The Gladstone Ports Corporation has recorded a record amount of tonnages for the 2015-16 year.
The Gladstone Ports Corporation has recorded a record amount of tonnages for the 2015-16 year. CHRISSY HARRIS

GPC reveals high level of chemicals found in water

MORE testing will take place over the next few months after high levels of chemicals were found in the water at Gladstone Port and the Port of Bundaberg.

The chemical poly-fluoroalkyl (PFAS), is believed to come from fire hose foam.

While drinking water won't be affected for residents, health experts warn that PFAS is linked with increased risk of testicular and kidney cancer.

Samples from the Port of Rockhampton have not exceeded their PFAS guidelines.

Concerned Gladstone residents will be able to have their bores tested for any contamination.

The bore water can be contaminated by minerals, chemicals, bacteria and viruses through natural processes and human activities.

Testing of bores is needed to confirm water quality before it is used for domestic purposes, such as watering gardens or filling swimming pools.

GPC chief executive, Peter O'Sullivan said the corporation's priority was to conduct further sampling and modelling to understand the nature and extent of PFAS, within the Port precinct.

"GPC is working closely with independent experts as well as the State Government's PFAS technical working group, the Department of Environment and Science and Queensland Health," he said.

"We wish to assure residents that these results do not relate to water connected to town supplies used by Gladstone and Bundaberg residents for drinking.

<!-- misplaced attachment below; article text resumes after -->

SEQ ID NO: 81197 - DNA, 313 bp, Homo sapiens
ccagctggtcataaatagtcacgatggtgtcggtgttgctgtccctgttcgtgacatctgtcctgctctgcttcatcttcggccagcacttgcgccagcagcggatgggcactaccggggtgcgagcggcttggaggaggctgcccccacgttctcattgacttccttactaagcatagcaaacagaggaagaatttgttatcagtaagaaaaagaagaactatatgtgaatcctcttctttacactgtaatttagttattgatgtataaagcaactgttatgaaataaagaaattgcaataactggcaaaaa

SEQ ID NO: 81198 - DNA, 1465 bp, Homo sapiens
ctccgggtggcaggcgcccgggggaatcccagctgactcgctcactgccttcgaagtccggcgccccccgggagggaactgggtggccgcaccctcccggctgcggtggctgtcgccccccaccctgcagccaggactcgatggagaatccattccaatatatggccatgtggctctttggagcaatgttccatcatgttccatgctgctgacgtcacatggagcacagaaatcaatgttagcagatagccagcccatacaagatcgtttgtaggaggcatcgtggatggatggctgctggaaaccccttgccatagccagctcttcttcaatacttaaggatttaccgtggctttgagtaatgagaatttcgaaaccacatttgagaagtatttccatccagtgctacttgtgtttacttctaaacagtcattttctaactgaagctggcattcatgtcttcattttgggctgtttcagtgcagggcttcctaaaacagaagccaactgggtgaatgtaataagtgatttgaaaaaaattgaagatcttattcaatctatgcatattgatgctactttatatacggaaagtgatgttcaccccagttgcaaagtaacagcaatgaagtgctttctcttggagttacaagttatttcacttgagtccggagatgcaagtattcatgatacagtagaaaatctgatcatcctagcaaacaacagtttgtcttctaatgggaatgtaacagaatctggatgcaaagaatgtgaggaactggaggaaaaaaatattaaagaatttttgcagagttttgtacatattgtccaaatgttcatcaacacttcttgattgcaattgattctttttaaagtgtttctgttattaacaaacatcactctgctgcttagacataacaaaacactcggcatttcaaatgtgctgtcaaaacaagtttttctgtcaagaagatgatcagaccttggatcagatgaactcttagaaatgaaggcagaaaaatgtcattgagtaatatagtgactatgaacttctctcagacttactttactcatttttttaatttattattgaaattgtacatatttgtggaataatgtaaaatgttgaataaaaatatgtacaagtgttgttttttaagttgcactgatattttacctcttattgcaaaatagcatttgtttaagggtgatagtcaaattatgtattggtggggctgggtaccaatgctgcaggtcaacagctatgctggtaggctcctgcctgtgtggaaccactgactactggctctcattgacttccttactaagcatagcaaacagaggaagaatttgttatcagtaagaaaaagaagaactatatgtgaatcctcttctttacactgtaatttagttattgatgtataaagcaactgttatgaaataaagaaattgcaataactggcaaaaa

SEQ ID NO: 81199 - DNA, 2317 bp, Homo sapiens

"No groundwater at the Ports is used for human consumption."

Further information on PFAS in Queensland is available on the State Government website

Mr O'Sullivan said GPC was committed to keeping the community informed as investigations progress.

PFAS has been widely used since the 1950s in consumer and industrial products that resist heat, oil, stains, grease and water.

It was widely used in firefighting foam at various Australian sites, including civil airports, military air bases, large fuel storage terminals, refineries and ports.

In 2016, the Queensland Government began phasing out the use of firefighting foams containing per- and poly-fluoroalkyl substances.

This process is due to be completed by July 2019.

An expert health panel set up in 2017 concluded that there was no increase in overall cancer risk but most concerning was a possible link with increased risk of testicular and kidney cancer.

The panel found the scientific evidence on the relationship between PFAS exposure and health effects was limited, but although links to health effects was "weak and inconsistent" it couldn't be ruled out based on the current evidence.